Wieland: Or, The Transformation is the terror story of Clara Wieland (the narrator) and her brother, Theodore (the Wieland of the title). They are the only children of a German-born religious fanatic and missionary who foretold his death (by spontaneous combustion) for supposed lax service to God. Clara and Theodore become orphans at the ages of seven and ten years, respectively. Reared by a maiden aunt under “enlightened” principles and in circumstances of affluence, Clara and Theodore grow up with Catherine and Henry Pleyel. These four young people are caught in the crosscurrents of eighteenth century thought.
Theodore, who decides to pursue agriculture as his occupation, marries Catherine, and they become the parents of four children. Clara secretly nourishes affection for Henry, who is engaged to German baroness Theresa von Stolberg. A stranger named Frances Carwin, an escaped convict from Ireland who has eyes and a voice suggesting powers of witchcraft and who has a talent for impersonation, joins the Wieland and Pleyel circle.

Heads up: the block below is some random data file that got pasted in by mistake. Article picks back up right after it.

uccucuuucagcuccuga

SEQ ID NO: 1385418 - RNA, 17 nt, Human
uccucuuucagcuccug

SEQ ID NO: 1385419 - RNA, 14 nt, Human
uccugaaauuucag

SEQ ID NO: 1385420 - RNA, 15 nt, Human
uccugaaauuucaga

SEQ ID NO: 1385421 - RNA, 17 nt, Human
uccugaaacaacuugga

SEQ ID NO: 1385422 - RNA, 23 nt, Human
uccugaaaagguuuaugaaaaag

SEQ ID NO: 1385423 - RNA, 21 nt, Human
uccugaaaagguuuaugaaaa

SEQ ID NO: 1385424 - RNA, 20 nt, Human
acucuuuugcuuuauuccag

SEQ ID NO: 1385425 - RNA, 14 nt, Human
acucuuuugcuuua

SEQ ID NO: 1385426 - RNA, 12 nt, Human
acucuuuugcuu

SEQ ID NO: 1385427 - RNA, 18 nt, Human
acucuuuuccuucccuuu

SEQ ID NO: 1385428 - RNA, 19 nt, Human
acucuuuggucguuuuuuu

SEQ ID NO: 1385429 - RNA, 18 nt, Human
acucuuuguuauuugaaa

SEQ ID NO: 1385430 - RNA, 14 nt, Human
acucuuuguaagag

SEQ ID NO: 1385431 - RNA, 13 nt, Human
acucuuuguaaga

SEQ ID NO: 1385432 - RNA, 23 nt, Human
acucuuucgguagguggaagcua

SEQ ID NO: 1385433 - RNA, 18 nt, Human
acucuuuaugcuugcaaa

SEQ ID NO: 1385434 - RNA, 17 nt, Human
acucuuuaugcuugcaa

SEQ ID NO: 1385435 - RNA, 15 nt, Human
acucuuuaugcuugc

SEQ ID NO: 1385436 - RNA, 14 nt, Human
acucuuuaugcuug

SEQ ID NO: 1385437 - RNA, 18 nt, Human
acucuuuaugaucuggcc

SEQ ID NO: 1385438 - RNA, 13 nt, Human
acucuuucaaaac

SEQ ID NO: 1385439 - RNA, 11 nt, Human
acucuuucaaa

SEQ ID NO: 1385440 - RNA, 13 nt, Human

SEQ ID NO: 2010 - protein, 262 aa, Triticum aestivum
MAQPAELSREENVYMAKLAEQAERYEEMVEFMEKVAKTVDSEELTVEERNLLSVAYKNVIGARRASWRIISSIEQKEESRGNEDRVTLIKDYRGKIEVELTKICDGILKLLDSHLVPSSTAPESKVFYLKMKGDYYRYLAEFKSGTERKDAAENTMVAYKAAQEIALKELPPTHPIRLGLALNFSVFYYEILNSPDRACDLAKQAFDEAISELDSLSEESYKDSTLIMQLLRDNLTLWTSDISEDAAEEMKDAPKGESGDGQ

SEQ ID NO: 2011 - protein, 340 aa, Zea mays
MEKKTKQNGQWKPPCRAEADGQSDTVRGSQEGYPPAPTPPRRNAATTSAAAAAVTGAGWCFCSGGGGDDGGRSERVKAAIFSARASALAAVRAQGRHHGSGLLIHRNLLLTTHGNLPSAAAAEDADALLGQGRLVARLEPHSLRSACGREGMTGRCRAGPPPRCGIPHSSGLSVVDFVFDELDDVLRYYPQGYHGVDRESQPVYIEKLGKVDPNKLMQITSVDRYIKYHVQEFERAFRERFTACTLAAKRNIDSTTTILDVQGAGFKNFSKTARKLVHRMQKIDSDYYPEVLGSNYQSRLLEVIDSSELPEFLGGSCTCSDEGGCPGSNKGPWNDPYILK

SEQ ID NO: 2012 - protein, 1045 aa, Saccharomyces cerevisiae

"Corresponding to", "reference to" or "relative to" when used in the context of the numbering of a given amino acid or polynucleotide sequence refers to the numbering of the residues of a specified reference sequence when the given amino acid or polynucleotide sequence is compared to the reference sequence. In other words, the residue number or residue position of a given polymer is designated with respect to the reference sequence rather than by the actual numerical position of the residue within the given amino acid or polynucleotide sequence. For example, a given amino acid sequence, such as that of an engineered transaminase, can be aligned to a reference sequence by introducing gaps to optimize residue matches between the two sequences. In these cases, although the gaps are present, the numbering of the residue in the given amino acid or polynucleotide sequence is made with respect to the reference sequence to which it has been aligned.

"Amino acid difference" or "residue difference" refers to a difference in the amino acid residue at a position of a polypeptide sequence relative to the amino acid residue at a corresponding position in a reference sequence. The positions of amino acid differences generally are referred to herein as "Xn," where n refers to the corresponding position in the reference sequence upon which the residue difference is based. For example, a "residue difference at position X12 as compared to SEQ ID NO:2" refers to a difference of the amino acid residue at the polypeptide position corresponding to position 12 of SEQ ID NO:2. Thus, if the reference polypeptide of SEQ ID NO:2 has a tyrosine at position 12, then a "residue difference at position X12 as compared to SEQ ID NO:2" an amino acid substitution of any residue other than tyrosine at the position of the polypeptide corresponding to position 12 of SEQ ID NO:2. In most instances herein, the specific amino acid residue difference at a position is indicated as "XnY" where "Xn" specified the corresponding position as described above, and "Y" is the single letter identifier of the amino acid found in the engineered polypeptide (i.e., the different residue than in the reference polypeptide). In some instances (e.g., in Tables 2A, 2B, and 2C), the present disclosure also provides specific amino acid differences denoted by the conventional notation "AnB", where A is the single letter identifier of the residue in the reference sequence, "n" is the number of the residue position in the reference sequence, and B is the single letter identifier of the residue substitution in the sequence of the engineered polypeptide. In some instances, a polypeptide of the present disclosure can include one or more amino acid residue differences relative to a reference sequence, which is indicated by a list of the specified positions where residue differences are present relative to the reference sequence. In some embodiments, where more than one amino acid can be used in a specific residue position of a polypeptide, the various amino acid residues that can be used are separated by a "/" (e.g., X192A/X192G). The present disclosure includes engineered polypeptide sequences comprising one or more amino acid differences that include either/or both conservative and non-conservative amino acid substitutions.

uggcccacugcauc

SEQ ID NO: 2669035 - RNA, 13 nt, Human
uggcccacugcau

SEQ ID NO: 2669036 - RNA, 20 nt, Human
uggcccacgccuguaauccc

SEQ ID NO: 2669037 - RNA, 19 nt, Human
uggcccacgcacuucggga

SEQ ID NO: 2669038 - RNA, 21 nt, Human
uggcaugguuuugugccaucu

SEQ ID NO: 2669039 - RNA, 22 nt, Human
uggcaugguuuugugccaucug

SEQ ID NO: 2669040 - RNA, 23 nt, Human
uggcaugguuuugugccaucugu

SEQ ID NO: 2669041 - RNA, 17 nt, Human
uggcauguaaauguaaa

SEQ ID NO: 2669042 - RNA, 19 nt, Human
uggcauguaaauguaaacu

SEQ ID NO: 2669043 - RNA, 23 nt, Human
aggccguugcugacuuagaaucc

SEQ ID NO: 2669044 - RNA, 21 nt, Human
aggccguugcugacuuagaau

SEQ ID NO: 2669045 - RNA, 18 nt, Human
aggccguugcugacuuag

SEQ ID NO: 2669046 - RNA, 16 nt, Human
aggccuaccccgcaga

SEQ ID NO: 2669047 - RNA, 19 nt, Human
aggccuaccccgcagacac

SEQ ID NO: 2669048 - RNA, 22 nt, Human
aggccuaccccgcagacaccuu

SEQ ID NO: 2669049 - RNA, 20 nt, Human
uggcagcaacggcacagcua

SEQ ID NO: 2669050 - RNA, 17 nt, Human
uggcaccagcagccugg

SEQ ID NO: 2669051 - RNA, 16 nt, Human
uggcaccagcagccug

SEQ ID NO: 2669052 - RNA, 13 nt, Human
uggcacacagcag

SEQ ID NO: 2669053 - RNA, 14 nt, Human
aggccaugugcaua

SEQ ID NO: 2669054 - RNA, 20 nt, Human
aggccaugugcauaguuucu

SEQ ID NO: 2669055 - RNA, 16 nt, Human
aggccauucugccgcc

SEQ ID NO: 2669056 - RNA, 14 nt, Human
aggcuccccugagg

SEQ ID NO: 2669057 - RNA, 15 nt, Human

Seven times in the course of the narration, a mysterious voice is heard, under varying and increasingly mystifying circumstances. Theodore is certain of the supernatural origin of the voice. Clara thinks that the voice is supernatural but not malevolent. Henry, who is told of the death of his sweetheart in one of the statements of the voice, prefers a rationalistic inquiry.
(The entire section is 413 words.)